A record 103 active bald eagle nests were recorded in Nebraska in 2012, surpassing the previous record of 90 set in 2011.

The first successful modern bald eagle nest in Nebraska was in 1991 in Douglas County.

“Even though we say the recovery of the bald eagle in the United States and Nebraska has been remarkable, it truly has been amazing,” said Joel Jorgensen, nongame bird program manager for the Nebraska Game and Parks Commission.

While bald eagles have been increasing as a breeding species in Nebraska since 1991, the jump in numbers that has been observed the last two years has been partially due to additional survey effort. “After a couple of years of less intense focus, in 2011 and 2012 we spent a few days surveying areas that had not been checked for a few years,” Jorgensen said. “It did not come as a surprise to us that those areas where harboring additional nests.”

Bald eagles nested historically in Nebraska but were extirpated around 1900. The number of early nests is few and it is possible that bald eagles are more common now than before settlement by European Americans. Most bald eagle nests are concentrated along Nebraska’s major rivers.

The recovery of the bald eagle is considered a modern conservation success story. The bald eagle was listed as a federally and state endangered species in 1978. Populations declined greatly throughout the 20th century primarily due to the use of DDT and similar chemical pesticides. In 1963, there were fewer than 500 breeding pairs in the lower 48 states. After the banning of DDT and many years of intense management efforts, the bald eagle was removed from the federal and state lists of threatened and endangered species.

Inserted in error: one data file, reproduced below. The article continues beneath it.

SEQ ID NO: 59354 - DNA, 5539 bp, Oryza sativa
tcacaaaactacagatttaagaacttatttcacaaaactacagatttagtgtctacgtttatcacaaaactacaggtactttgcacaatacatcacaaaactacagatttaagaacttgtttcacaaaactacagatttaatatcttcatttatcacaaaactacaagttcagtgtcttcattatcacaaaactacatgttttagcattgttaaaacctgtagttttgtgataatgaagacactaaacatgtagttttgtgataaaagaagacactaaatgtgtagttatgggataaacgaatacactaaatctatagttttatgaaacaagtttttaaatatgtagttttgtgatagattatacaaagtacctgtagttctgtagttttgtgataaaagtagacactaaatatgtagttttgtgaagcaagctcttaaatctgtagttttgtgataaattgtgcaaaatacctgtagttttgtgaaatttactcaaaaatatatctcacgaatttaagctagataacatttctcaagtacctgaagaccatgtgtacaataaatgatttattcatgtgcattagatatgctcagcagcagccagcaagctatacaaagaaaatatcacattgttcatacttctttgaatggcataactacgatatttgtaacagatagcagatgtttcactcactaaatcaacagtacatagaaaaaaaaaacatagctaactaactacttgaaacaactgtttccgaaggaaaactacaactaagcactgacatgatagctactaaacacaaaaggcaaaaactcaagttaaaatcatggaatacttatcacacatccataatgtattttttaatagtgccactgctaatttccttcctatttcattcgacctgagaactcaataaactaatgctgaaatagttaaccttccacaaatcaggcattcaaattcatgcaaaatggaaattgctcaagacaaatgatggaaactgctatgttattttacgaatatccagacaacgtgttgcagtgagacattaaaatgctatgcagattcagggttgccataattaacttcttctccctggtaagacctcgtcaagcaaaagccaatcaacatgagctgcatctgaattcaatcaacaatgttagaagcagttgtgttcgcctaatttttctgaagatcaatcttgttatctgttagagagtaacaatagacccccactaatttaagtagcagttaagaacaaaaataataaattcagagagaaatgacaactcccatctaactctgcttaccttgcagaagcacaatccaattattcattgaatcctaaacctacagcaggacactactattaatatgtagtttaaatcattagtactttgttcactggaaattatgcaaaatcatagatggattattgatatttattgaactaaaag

Bald eagle nest monitoring is conducted and coordinated by Game and Parks but also relies on cooperating agencies and trained volunteers to collect data. Partners include National Park Service, U.S. Fish and Wildlife Service, U.S. Army Corps of Engineers, Platte River Recovery Implementation Program, Nebraska Public Power District and students from Concordia University.

“We thank all of the individuals who conducted surveys or provided information during the 2012 breeding season,” Jorgensen said.

Image courtesy Nebraska Game and Parks Commission

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